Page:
Matariki

This is the Maori name for the group of stars which astronomers call The Pleiades. In Ancient Greek mythology, the Pleiades were the seven daughters of Atlas and Pleione. Many languages have different names for this group of stars. Japanese for instance call them Subaru and the Subaru car company uses this group of stars in their logo. The Maori name – Matariki – means eye of God or little eyes.

While we might be able to see 7 stars, Gallileo was the first astronomer to see them through a telescope and he counted 36 stars. We now know they are about 100 million years old and the light from these stars takes 444 years to reach us.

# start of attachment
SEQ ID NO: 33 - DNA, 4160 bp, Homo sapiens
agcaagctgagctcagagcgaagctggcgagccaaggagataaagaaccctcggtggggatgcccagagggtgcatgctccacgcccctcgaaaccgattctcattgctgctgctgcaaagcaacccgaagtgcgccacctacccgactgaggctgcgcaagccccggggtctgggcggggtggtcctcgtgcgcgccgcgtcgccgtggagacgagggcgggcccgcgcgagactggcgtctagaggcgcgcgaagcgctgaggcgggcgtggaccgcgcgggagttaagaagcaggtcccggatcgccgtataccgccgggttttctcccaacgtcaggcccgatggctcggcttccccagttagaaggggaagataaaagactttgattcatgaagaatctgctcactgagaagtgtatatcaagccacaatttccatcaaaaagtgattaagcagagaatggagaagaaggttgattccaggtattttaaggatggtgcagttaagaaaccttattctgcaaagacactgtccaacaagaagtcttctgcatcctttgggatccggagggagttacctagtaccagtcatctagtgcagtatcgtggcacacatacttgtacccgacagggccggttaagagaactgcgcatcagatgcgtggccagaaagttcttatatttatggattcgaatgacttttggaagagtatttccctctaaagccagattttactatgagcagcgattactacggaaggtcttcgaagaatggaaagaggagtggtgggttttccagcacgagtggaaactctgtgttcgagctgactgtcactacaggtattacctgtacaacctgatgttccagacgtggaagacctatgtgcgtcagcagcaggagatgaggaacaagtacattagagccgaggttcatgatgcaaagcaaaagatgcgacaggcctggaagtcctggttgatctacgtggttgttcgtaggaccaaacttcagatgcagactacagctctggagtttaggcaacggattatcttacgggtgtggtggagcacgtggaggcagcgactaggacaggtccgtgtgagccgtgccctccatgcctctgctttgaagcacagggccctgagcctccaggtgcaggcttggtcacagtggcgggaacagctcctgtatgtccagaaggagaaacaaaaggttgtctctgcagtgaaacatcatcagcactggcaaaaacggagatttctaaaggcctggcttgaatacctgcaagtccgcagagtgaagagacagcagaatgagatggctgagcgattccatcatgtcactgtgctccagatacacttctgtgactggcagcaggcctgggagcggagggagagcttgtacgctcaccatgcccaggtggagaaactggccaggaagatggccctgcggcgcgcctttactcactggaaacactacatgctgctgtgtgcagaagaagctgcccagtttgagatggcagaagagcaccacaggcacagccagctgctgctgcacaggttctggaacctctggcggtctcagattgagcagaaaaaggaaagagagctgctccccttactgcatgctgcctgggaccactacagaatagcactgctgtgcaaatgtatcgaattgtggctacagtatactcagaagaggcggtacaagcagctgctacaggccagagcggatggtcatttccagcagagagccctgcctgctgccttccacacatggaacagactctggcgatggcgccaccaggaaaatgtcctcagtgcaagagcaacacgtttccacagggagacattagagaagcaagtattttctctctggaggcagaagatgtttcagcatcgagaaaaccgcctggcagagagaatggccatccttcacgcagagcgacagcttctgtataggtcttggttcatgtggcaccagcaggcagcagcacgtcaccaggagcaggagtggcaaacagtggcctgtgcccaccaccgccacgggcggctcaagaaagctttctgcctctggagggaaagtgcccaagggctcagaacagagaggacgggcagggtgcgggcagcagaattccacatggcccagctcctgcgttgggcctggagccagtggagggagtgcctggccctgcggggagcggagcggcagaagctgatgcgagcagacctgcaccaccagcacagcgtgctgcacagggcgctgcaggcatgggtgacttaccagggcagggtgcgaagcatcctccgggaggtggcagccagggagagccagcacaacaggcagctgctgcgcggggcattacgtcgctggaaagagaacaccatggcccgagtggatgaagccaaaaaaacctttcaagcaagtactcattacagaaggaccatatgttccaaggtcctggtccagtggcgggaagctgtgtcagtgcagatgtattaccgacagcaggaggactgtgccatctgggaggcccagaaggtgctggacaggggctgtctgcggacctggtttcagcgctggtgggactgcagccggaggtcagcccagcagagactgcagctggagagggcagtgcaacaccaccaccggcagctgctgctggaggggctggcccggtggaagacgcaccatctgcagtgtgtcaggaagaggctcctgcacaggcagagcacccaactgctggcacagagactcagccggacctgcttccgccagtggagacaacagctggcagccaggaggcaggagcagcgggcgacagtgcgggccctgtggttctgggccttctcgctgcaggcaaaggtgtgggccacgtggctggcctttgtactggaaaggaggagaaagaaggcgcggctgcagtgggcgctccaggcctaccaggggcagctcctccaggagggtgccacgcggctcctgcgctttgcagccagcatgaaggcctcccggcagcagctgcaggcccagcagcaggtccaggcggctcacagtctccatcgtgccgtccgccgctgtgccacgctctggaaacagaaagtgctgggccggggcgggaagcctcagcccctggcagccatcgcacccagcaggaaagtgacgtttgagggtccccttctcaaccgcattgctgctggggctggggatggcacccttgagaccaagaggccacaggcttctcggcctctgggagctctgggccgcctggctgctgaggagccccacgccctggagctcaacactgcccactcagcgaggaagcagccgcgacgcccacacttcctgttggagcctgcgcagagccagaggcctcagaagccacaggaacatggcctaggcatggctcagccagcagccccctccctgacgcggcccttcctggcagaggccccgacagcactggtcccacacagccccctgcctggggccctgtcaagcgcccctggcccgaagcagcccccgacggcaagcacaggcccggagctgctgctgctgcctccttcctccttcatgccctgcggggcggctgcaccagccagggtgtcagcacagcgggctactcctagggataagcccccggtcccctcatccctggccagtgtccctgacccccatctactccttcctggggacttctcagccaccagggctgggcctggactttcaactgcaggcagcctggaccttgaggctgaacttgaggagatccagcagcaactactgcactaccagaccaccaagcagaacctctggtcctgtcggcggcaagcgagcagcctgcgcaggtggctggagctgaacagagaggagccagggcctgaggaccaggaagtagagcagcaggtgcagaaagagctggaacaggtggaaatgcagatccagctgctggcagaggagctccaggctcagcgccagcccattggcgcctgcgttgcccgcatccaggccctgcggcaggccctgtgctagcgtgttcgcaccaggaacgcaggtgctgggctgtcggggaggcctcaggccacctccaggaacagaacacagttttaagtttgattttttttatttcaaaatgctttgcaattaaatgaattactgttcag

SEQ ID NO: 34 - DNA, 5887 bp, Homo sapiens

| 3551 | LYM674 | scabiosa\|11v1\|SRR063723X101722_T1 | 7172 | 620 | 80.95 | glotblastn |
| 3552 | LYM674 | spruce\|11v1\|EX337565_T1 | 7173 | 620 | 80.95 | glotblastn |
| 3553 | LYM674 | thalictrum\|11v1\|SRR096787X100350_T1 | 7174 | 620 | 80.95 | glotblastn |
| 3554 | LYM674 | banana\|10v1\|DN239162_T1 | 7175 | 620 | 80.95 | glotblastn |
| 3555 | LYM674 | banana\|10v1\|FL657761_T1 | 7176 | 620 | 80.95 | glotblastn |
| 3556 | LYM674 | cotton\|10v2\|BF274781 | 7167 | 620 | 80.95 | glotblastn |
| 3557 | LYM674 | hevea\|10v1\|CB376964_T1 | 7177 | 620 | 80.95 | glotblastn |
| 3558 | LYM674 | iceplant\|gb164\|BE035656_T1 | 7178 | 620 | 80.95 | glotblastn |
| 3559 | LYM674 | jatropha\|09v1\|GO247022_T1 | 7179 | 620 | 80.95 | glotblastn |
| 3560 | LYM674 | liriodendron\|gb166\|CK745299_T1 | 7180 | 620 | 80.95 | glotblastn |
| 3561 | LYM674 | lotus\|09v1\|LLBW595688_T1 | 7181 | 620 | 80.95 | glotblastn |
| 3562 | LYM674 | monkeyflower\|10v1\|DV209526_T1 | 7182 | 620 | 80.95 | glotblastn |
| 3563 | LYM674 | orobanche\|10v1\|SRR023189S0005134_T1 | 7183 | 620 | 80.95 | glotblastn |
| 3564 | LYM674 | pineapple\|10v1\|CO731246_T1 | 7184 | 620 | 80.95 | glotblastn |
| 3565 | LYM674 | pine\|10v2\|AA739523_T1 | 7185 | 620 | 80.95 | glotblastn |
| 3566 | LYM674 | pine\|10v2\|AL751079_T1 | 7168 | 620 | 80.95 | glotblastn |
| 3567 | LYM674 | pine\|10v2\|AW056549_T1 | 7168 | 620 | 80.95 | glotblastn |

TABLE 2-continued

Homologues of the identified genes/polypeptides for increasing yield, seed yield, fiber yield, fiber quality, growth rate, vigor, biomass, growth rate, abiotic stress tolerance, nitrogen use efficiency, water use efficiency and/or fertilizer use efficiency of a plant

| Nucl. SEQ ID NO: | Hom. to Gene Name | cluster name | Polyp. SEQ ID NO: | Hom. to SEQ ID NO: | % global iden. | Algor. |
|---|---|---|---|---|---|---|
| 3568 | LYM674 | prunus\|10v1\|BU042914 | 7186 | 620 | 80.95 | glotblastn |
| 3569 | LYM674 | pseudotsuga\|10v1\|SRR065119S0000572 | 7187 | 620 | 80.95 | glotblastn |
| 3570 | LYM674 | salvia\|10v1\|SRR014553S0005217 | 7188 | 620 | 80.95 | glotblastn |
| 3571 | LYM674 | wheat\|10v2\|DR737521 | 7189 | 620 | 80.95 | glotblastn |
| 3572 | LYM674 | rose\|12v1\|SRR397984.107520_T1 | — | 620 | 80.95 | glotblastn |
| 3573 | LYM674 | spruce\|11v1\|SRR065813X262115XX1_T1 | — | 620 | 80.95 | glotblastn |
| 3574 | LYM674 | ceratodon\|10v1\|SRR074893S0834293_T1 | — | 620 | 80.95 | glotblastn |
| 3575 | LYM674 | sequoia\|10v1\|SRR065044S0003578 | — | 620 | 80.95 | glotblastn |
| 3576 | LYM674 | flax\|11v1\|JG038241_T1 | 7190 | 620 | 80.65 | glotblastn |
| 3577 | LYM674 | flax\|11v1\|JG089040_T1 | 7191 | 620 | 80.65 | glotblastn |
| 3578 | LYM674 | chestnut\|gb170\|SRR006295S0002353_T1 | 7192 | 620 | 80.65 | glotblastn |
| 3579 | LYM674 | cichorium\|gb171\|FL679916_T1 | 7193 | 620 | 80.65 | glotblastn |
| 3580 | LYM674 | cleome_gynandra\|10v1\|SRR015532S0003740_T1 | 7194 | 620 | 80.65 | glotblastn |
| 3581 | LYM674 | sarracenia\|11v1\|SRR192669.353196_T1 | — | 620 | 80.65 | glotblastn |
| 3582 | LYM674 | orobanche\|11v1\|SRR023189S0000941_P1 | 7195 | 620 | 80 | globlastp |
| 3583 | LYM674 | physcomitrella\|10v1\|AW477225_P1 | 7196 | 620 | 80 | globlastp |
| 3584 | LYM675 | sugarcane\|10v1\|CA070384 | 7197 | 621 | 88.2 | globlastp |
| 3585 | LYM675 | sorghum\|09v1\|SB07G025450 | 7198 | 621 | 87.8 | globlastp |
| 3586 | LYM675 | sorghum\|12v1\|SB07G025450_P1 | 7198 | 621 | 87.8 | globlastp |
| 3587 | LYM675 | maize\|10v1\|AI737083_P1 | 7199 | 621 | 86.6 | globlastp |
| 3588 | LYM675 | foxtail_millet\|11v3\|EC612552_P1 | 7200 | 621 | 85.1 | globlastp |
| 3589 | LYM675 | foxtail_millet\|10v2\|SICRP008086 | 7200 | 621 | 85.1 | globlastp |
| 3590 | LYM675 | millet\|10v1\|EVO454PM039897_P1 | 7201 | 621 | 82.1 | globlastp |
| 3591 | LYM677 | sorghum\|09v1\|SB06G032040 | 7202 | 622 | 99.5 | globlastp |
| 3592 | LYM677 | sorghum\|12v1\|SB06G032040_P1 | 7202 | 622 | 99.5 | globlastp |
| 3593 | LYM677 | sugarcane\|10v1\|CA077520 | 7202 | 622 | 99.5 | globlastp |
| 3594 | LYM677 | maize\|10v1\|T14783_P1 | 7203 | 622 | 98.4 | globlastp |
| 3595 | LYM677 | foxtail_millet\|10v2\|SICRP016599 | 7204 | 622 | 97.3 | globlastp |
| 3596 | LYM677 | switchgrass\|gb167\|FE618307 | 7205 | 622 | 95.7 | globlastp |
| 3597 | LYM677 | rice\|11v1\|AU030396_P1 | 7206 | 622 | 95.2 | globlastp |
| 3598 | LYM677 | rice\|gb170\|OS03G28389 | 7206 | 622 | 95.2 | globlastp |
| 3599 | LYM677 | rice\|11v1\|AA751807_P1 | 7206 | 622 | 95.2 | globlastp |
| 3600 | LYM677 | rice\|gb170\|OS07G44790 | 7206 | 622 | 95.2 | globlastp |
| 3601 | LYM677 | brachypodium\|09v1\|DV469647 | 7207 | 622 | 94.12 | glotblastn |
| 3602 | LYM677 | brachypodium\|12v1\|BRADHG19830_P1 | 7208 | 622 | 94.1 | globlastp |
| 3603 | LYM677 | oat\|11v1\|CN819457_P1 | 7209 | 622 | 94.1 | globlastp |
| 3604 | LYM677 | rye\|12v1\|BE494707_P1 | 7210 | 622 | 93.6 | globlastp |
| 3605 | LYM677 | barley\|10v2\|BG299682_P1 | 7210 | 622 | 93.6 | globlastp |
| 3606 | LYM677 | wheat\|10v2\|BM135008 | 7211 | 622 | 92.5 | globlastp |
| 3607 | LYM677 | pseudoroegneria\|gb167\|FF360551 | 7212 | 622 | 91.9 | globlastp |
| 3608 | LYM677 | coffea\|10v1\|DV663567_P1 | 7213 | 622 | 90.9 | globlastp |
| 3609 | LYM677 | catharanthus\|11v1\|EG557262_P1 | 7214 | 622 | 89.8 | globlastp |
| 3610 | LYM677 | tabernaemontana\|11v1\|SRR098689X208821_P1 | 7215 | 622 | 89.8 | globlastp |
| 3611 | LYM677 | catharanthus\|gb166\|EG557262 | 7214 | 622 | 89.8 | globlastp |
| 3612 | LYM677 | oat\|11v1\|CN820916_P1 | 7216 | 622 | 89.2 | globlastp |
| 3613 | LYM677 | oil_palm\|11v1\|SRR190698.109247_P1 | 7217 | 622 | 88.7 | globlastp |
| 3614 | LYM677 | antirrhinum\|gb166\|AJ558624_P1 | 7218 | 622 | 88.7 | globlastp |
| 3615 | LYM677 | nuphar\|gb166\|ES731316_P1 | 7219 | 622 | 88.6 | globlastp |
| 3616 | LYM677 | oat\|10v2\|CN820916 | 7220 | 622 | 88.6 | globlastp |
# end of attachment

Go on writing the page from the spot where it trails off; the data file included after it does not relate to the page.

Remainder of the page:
Matariki rises just before dawn on June 6th and can be seen low in the sky in the North East. Maori celebrate Matariki as the start of their new year. It is a time to remember ancestors who died long ago and those who died more recently. It’s a time to celebrate new life also. Traditionally, this was a time when the harvest was finished and food stored for the winter. It was therefore a time for singing, dancing and story telling and a time for flying kites.

If you live in NZ, you might join in Matariki celebrations. Public libraries usually have displays to show us more about Matariki.

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Vocabulary

• astronomers – scientists who study the stars
• mythology – stories, legends
• dawn – sunrise
• ancestors – grandparents, great grandparents etc
• traditionally – a time before Europeans came to NZ.






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